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Did anybody think that there were monsters in their closet?
Did anybody hear each noise and think a beast must cause it?
The monsters, yes, are in there to collect kids’ every scream,
But it is just a job for them; they’re nicer than they seem.
In fact, they’re scared of children, who are toxic, so it’s said;
The screams are used for power, which throughout the town is spread.
 
The famous James P. Sullivan’s the best of all the scarers,
The kind of kindly ball of fur who gives the kids their terrors.
His partner Mike Wazowski, who has romance on the brain,
Desires to break a record ere one Randall can attain.
Day in, day out, this Monsters, Inc. is known for perseverance
In generating power with no child’s interference.
 
But then while Randall’s sneaking, Sully finds by accident
A terrifying child with mysterious intent.
He takes it to a restaurant, where she causes quite a scene,
And all the city panics, and the SWAT teams intervene.
But as he gets to know her, Sully starts to think the tot
May not be quite as deadly as their world has always thought.
 
When he and Mike try smuggling her to the factory,
They learn of Randall’s plot to kidnap kids and screams for free,
When Sully tries to stop him, they both end up in Nepal,
But both get back to save her with no need to even stall.
A journey through the door vault poses dangers and a thrill,
But they get rid of Randall and his envious ill will.
 
When Sully must return his little “Boo” back to her room,
He hugs her and vacates it for the last time, they assume.
Though Monsters, Inc.’s kaput, their little escapade revealed,
Compared to children’s screams, their laughter bears a greater yield.
So Sully helps to lead the way in sparking laugh’s debut,
And as the business flourishes, he reunites with Boo.
____________________
 

Fresh off the success of Toy Story 2, Pixar once again proved their animated prowess with Monsters, Inc., an utterly original take on monsters in closets. My VC has said that all the wacky diversity in the monster world seems almost drug-induced, and with Pixar’s penchant for nonstop sight gags and visual inventiveness, it deserves multiple re-watches.

Aside from the unique, detailed CGI animation, much of the film’s success comes from the buddy pairing of deep-and-friendly-voiced John Goodman as Sully and frenetic comedian extraordinaire Billy Crystal as Mike. Their funny banter and frequent disagreement make their friendship seem real and better realized than Sully’s relationship with Boo, which is certainly more touching. It would have been nice to have some character development for Boo, who has no backstory to speak of or a meaningful personality beyond generic cuteness, unlike Russell in Up. Steve Buscemi’s nasally voice is surprisingly villainous as Randall Boggs, and James Coburn and Jennifer Tilly round out the voice cast nicely. Of course, John Ratzenberger had to have his requisite cameo, and it’s certainly one of his funniest and most unexpected. Also, can you believe that Bob Peterson, who played icky, monotone Roz, was also the voice of Dug in Up?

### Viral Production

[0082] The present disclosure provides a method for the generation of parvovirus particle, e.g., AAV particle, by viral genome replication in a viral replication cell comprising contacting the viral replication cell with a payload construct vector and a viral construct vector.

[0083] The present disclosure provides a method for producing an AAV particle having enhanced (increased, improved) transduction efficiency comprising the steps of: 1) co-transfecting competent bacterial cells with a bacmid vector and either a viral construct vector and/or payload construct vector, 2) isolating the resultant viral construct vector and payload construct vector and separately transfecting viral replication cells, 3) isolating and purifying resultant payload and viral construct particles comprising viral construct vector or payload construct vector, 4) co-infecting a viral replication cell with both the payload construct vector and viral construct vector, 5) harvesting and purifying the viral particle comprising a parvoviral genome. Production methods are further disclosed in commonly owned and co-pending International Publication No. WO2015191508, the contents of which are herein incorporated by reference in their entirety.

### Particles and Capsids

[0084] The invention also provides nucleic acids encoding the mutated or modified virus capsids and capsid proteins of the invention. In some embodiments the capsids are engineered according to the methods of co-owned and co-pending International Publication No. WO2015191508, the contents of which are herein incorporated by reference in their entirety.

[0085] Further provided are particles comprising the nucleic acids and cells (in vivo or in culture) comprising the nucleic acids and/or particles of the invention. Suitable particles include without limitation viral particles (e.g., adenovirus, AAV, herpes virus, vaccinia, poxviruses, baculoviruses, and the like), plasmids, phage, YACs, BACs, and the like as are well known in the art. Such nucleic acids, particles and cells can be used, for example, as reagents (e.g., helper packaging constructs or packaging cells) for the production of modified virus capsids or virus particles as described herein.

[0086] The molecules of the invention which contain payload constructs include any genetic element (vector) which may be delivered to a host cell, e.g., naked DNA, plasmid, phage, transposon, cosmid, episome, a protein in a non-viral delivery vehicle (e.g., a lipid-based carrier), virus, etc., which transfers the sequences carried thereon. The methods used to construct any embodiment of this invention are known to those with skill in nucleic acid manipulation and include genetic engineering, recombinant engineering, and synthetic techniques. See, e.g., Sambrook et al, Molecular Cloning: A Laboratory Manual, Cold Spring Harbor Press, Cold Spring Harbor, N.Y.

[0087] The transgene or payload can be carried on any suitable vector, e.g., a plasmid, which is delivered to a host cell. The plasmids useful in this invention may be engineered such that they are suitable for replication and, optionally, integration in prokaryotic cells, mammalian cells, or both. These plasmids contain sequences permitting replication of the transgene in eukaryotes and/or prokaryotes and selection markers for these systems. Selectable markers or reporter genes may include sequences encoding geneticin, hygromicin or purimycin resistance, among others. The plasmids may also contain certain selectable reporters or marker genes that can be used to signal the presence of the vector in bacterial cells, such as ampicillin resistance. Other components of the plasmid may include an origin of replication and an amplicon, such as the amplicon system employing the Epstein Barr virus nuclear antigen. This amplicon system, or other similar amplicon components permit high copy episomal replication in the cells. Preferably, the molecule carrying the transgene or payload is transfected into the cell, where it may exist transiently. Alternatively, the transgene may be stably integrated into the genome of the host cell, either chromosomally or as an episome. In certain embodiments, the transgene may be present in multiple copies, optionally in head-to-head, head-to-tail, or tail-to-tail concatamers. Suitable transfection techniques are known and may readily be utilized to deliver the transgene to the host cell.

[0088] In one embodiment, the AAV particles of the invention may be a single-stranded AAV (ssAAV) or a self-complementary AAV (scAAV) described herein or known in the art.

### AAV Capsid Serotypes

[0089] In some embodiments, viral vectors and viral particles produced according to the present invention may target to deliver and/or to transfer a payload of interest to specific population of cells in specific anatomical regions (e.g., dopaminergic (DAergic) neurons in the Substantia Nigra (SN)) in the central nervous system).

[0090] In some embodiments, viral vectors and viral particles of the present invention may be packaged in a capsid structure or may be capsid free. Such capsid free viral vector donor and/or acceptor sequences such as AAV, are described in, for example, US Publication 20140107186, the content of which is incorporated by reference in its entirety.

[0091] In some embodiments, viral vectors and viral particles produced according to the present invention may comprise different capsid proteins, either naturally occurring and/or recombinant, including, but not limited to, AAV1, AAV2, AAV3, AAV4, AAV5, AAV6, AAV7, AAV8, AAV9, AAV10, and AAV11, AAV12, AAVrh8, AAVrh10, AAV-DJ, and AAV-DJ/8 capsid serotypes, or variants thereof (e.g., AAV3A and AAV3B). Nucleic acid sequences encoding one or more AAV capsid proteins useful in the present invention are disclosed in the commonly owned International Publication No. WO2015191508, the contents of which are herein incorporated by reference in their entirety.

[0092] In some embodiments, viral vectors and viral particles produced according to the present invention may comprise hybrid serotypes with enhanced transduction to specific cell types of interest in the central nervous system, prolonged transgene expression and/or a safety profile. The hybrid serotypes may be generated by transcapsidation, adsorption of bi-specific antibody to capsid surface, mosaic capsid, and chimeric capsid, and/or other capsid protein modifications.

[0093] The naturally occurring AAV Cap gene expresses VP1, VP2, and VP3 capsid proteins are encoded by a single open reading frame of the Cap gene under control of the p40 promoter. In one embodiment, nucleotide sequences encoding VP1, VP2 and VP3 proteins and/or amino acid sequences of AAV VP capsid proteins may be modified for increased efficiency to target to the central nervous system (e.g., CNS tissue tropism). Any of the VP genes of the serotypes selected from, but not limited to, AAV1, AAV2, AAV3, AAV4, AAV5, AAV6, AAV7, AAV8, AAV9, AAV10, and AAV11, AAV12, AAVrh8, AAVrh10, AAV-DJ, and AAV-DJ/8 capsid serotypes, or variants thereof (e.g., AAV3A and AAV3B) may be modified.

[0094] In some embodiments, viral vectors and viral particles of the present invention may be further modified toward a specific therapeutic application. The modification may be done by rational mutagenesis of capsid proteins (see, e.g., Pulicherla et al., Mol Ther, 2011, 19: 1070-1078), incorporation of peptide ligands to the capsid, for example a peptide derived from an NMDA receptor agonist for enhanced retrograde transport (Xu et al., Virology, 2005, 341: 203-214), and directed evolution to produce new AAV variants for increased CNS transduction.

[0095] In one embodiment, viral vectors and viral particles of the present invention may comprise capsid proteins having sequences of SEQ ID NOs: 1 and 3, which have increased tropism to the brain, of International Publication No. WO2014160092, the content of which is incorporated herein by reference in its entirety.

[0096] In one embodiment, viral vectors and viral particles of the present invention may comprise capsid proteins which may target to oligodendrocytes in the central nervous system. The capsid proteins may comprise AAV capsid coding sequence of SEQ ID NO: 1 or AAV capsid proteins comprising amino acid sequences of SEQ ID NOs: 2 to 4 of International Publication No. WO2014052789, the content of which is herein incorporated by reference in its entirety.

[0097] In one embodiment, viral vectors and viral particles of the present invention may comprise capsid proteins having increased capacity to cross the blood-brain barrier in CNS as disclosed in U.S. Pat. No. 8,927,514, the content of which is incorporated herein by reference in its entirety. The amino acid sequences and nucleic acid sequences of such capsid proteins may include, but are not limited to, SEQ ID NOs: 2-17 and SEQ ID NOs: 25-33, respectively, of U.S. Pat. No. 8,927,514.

While the animation was not yet at the level reached by Ratatouille or WALL-E, it’s still colorful and seamless. The door vault scene is especially exciting and impressive, a classic among animated action sequences. Thanks to the humor, my VC enjoys this Pete Docter-directed film more than his later work in Up. Whereas Up’s plot was almost schizophrenic with all the disparate elements crammed in, Monsters, Inc. possesses one core concept and milks the hilarity and ingenuity from it as only Pixar can.

Pixar’s films tend to have some kind of social commentary, some more obvious than others, and Monsters, Inc.’s is quite subtle, only being presented in a few scenes. The driver for Randall’s plot to extract screams forcefully is the fact that kids are harder to scare, indirectly explained by their watching scary or violent television. Similarly, the scene at the end with Mike’s comedy routine indicates that what makes kids laugh has changed over time as well. Whereas verbal humor, such as in Leave It to Beaver and The Andy Griffith Show, used to keep kids (as well as adults) entertained, such shows don’t fly nowadays, having been replaced by frantic, sometimes gross comedy, such as Mike’s belch. This analysis is certainly not the film’s focus, existing mainly in some throwaway gags, but it’s something I’ve noticed after several viewings.

Overall, Monsters, Inc. may not be as emotionally engaging as their other work, but it’s another Pixar favorite that cemented their reputation as leaders in the animation industry, even if it lost the Best Animated Feature Academy Award to DreamWorks’ Shrek. (It did win Best Original Song for “If I Didn’t Have You.”) Hint: Now that I’ve covered their lesser masterpieces (A Bug’s Life, Cars, etc.), you may not see Pixar’s other films on my list for a while, but there are definitely more on the way.

Best line: (Abominable Snowman, offering yellow snow) “Snow cone?  [Mike icks in disgust]  “No, no, no, don’t worry. It’s lemon.”

 
Artistry: 6
Characters/Actors: 7
Entertainment: 8
Visual Effects: 8
Originality: 10
Watchability: 8
 
TOTAL: 47 out of 60
 

Next: #159 – Splash

© 2014 S. G. Liput

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